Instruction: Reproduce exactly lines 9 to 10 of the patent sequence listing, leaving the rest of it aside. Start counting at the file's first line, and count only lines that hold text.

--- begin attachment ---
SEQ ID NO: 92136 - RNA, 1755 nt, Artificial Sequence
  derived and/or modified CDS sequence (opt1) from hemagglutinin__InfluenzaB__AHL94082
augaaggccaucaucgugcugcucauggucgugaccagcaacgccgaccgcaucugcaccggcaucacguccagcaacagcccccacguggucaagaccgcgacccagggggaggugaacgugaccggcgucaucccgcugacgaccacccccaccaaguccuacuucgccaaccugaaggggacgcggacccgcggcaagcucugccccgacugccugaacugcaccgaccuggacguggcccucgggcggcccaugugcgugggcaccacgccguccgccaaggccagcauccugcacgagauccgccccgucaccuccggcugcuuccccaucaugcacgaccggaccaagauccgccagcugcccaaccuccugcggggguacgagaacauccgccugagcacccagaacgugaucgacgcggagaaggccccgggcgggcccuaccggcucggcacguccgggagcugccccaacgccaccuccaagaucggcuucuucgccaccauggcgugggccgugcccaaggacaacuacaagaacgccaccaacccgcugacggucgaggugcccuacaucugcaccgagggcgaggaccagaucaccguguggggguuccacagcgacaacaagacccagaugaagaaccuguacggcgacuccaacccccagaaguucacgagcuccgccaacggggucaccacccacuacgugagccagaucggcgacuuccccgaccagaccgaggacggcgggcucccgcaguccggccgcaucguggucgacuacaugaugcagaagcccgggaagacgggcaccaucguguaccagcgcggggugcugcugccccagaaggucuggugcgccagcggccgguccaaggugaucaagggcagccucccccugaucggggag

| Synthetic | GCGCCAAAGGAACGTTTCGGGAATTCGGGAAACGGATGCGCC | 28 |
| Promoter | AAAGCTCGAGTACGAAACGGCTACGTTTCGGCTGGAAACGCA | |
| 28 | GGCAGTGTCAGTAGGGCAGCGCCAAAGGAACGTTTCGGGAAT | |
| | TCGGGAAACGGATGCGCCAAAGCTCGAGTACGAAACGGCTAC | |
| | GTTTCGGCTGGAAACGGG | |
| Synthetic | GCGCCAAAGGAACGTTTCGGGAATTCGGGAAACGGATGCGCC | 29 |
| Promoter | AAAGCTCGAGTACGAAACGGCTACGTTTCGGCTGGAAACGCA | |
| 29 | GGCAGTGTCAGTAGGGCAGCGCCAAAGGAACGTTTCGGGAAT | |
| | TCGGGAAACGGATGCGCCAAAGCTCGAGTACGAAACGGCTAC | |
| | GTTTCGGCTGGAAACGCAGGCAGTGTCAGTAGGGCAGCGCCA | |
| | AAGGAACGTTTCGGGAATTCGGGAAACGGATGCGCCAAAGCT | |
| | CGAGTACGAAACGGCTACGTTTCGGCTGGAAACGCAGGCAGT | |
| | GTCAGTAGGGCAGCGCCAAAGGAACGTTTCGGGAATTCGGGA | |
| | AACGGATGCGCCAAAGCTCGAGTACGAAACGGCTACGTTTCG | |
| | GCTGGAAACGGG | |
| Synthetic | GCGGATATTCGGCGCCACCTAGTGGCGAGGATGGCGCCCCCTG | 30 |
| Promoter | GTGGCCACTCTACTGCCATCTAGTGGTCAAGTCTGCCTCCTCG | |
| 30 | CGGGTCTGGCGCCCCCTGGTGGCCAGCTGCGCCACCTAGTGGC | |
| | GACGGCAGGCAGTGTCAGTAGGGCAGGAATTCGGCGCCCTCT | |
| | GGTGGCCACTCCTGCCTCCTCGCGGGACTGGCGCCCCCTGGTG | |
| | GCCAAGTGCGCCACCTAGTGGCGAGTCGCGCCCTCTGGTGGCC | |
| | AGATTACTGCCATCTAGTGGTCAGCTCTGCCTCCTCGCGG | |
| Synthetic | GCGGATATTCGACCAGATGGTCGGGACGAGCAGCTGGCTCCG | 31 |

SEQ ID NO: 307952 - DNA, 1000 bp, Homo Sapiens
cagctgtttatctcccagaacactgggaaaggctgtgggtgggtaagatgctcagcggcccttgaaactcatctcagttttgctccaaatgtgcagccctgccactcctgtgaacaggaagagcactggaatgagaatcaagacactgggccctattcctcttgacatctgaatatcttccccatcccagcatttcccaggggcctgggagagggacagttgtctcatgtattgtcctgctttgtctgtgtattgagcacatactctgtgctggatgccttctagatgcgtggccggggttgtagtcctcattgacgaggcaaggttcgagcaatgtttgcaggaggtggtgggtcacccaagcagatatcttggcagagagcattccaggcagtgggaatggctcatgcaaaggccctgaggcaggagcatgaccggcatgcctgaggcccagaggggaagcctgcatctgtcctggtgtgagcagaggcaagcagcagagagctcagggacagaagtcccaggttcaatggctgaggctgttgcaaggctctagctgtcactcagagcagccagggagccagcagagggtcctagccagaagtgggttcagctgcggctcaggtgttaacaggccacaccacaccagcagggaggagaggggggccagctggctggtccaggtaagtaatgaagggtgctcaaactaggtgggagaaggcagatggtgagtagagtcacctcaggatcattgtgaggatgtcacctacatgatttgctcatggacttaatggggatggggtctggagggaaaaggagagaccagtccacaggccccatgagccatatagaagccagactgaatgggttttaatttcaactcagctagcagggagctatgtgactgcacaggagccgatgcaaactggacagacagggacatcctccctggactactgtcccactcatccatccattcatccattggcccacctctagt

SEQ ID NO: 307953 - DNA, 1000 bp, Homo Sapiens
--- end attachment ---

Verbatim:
| Synthetic | GCGCCAAAGGAACGTTTCGGGAATTCGGGAAACGGATGCGCC | 29 |
| Promoter | AAAGCTCGAGTACGAAACGGCTACGTTTCGGCTGGAAACGCA | |